The Gentleman’s playing cards

Good day,

Gentlemen often find themselves in situations when they must pass long periods of time with the same people in the same place. This may be in a trans-subcontinental train voyage or just at a bar in Casablanca. There are many things that a gentleman may choose to do to keep him occupied, such as Scotch. I will outline a popular past-time here (that, fortuitously, goes very well with Scotch) – cards.

Edward H Griffith (a distant, yet close relative of mine) observes this game closely. Notice how seemlessly the pipe melds with the card-playing habitat.

I suggest you buy yourself a good deck of playing cards and keep it on hand at all times. You never know when you’ll be required to talk business over a few hours of poker, and you don’t want to be playing with someone else’s greasy cards. From experience, long poker games usually take place in a room with a single light and a well-stocked humidor.

They will also almost always feature Frank Sinatra in a visor.

You may,  however, find yourself in a much higher-stakes game of poker. This can be a high pressure situation, so I suggest you get a few (dozen) Scotches into you before starting. It has also been scientifically proven that Scotch-consumption and frequency of good hands in poker has a positive correlation. You do the maths.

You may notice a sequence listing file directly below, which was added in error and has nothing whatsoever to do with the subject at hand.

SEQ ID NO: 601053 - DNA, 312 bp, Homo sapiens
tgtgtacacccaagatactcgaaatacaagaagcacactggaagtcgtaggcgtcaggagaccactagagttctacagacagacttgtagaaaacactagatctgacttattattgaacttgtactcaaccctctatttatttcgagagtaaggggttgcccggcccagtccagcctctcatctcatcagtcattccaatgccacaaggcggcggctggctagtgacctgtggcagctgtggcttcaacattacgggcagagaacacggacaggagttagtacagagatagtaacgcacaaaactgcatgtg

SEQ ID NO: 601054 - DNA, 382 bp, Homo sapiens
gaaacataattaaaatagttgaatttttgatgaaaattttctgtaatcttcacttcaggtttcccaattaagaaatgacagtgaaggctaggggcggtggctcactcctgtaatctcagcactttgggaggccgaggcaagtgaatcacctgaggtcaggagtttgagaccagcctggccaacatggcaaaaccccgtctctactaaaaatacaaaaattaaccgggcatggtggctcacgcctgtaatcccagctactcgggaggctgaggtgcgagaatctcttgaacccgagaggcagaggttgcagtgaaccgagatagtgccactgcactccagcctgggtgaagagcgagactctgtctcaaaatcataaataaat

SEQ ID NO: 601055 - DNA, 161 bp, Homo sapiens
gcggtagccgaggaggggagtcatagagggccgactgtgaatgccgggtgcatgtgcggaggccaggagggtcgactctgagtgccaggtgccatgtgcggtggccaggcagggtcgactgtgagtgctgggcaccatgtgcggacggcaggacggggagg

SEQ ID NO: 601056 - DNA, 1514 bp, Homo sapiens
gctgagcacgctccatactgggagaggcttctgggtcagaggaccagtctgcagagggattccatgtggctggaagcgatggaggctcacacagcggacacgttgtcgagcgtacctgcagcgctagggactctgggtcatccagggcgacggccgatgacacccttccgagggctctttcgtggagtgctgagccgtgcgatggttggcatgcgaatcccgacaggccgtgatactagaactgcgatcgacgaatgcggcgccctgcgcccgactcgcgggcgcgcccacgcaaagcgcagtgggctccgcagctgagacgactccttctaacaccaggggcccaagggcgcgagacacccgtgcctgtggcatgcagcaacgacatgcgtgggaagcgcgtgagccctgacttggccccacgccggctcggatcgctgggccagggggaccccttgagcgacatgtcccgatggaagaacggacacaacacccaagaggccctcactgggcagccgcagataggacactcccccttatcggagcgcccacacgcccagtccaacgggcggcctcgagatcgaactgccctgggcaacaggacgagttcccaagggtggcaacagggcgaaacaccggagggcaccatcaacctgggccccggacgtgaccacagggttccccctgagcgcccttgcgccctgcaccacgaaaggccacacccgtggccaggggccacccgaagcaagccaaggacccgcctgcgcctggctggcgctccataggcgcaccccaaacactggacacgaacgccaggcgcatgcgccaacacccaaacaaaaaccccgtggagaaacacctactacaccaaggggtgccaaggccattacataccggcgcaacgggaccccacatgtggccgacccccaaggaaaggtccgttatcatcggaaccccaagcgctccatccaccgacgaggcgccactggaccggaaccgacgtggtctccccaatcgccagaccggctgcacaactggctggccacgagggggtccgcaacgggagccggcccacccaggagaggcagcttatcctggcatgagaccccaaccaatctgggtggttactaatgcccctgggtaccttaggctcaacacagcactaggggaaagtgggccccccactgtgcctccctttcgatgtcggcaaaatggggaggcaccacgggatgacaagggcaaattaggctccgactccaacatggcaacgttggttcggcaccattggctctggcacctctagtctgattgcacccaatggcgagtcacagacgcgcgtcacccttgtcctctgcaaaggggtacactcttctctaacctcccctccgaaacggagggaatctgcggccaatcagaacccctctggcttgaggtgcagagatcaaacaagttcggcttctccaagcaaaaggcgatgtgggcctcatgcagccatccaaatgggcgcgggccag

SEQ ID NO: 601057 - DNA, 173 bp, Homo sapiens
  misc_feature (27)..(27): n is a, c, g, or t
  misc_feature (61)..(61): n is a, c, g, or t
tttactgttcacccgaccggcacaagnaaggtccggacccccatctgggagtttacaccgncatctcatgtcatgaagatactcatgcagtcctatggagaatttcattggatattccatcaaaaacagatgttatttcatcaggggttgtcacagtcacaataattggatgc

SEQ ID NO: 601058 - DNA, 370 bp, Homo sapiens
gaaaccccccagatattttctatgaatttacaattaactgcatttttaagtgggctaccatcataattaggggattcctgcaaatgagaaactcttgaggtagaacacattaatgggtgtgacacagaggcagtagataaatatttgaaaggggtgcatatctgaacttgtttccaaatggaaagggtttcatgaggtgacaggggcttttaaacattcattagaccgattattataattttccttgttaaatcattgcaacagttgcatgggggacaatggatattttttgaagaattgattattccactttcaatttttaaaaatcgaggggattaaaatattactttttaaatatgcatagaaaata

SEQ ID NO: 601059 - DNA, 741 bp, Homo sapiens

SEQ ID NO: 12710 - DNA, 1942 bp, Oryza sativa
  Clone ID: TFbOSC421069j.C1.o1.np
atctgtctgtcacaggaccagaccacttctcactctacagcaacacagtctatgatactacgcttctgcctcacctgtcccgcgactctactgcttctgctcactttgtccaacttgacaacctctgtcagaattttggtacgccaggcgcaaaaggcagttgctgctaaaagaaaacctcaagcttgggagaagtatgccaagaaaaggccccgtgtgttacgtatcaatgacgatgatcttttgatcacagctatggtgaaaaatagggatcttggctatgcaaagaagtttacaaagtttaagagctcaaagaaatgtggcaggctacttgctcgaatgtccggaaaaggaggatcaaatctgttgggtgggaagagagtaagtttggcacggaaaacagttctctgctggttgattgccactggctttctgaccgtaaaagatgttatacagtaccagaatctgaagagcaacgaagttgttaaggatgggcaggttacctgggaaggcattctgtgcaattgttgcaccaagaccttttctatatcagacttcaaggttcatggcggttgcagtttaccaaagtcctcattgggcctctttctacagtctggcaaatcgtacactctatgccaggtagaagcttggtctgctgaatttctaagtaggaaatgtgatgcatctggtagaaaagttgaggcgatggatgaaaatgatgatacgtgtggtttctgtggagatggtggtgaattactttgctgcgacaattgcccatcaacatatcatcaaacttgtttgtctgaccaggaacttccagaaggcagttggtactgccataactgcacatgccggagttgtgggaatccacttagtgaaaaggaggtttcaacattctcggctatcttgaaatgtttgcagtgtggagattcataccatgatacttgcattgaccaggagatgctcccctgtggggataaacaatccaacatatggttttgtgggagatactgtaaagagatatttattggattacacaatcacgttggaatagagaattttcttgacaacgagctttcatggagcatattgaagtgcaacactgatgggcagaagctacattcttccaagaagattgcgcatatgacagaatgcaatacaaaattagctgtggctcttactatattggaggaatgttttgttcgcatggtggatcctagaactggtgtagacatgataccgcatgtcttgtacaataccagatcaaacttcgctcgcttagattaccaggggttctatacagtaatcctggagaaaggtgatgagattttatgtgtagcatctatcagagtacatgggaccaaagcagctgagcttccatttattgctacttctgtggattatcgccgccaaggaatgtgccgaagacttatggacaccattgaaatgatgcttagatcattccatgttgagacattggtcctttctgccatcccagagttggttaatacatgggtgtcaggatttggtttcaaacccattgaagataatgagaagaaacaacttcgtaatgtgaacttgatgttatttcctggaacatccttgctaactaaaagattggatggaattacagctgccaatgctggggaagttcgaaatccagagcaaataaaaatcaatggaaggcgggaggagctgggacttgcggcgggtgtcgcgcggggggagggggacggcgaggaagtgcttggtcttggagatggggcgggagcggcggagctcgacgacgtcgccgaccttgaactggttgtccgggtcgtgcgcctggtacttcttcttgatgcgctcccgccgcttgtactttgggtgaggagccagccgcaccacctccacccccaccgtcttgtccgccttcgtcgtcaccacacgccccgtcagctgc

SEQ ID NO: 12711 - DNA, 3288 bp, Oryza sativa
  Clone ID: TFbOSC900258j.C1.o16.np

A little known fact about the Great War was that it was settled by a poker game. Obviously, Laurence Olivier was playing for the Allies.

There are, of course, many other card games that you may choose to enjoy with your friends. They include, baccarat, whist, black jack and gin rummy.

As well as this game. It involves a tartan table-cloth, Clarke Gable and only three players get a seat.

Don’t forget that gentleman’s card games are invariably played over vast amounts of money and acres of land.

Dean Martin, seen here in his natural habitat, would always win more often when he had his revolver with him. We can all learn a lesson from that.

So I suggest that you fine-tune your skills in your card game of choice. And remember that if someone is caught cheating, it is customary that you flip the table and engage in a gun fight (if you want to avoid this, stay out of both saloons and the 1880s).

James O'Hara attemps to get a look at Maureen O'Hara's cards. A gun battle ensued.

Until next time,

HL Griffith

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